Week 11 (March 25): Syntactic change and usage issues

Pick one topic under only one of the following two sections (i.e., either syntactic change or usage issue). You may find it more fun to browse through Denison or Webster's and find a topic that really appeals to you.
Syntactic change. Read the appropriate section of David Denison's chapter on "Syntax" in The Cambridge History of the English Language, Volume IV 1776-1997 and of Matti Rissanen's chapter on "Syntax" in Volume III 1476-1776. (If you're feeling obsessive, you can chase down other sources; Denison's and Rissanen's sources and section-bibliographies are helpful, as is Denison's monograph on English historical syntax. For the masochistic: Jespersen, and especially Visser.) For those in need of simplicity and clarity: try Barber or Gorlach's books on Early Modern English (and of course Millward and Crystal).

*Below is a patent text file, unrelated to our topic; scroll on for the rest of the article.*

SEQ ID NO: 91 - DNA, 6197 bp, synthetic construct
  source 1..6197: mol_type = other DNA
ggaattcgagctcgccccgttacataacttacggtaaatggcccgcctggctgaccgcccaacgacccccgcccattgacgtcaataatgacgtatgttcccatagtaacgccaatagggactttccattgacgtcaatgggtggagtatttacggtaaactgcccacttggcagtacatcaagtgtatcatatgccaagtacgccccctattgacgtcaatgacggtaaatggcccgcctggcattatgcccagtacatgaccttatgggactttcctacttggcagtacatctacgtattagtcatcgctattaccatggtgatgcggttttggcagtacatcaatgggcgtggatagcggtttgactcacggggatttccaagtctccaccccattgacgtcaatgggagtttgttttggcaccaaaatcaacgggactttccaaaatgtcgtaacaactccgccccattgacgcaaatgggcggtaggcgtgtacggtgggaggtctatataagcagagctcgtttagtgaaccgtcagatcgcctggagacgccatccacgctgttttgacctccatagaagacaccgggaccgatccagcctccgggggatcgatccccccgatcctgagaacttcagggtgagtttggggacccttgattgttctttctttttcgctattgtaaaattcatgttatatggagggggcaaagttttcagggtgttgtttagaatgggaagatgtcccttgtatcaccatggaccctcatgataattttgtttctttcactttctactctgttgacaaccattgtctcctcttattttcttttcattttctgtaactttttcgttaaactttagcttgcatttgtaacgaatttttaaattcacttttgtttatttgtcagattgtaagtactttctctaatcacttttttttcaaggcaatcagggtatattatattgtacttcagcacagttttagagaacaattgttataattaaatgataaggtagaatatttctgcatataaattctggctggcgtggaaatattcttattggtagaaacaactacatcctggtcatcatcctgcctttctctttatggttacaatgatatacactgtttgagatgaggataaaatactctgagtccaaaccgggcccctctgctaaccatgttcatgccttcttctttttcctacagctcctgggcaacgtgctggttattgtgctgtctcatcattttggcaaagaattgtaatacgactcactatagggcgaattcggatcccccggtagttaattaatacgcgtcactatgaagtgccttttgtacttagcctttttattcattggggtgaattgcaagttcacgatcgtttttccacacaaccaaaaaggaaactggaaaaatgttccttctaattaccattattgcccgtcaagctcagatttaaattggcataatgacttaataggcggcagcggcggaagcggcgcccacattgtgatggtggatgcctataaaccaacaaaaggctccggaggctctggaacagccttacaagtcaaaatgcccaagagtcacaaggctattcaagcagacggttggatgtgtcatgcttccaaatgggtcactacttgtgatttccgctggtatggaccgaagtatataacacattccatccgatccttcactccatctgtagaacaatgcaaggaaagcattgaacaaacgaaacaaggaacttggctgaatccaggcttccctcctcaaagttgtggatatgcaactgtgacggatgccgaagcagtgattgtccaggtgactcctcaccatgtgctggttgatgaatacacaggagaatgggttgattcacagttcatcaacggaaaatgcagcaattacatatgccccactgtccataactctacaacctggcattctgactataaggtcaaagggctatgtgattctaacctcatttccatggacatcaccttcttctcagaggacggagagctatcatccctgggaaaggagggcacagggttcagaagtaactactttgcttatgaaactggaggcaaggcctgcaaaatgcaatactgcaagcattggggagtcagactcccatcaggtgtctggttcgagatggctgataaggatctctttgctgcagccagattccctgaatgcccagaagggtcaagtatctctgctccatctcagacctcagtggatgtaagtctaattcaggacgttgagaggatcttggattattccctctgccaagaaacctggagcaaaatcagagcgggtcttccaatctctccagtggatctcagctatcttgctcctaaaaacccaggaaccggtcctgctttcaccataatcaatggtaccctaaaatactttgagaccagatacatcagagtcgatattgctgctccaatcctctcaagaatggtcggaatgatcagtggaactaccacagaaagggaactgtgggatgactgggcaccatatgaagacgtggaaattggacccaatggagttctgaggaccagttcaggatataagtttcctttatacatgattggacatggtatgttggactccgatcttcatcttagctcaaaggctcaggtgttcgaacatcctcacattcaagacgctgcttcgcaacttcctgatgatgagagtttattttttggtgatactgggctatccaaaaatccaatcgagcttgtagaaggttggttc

Clearly explain the topic to the class: how the change happened? why the change happened? the consequences of syntactic variation before, during, after the change? (for instance, you can still say I think not).
Topics (numbers in brackets mostly correspond to Denison's chapter headings ("D"), but you should look at Rissanen "R" too -- I haven't put in all of the references):
Usage issues. After reading Crystal chapter 13 ("Grammatical mythology"), think of a topic that you'd like to research and read the appropriate section of the Webster's dictionary of English Usage (PE 1460 M45 at INNIS, PE 1460 W425 at Robarts GENR, SMCR, TRIF, VUPR -- be thoughtful and reshelve it). If you're feeling obsessive, you can chase down other sources: modern usage dictionaries? Fowler's The King's English or Modern English Usage. Denison's chapter in CHEL 4 may well help you assess the "descriptive" situation for your "prescriptive" topic.
Clearly explain the topic to the class: Webster's is so good that you may find it difficult to prove to me that you've made this topic your own. Why not pick a topic that you've had personal experience with?!
You choose a topic and let me know: I'll put them up as they're staked out. You may NOT pick the split infinitive, as it's done quite nicely on Crystal page 195 already!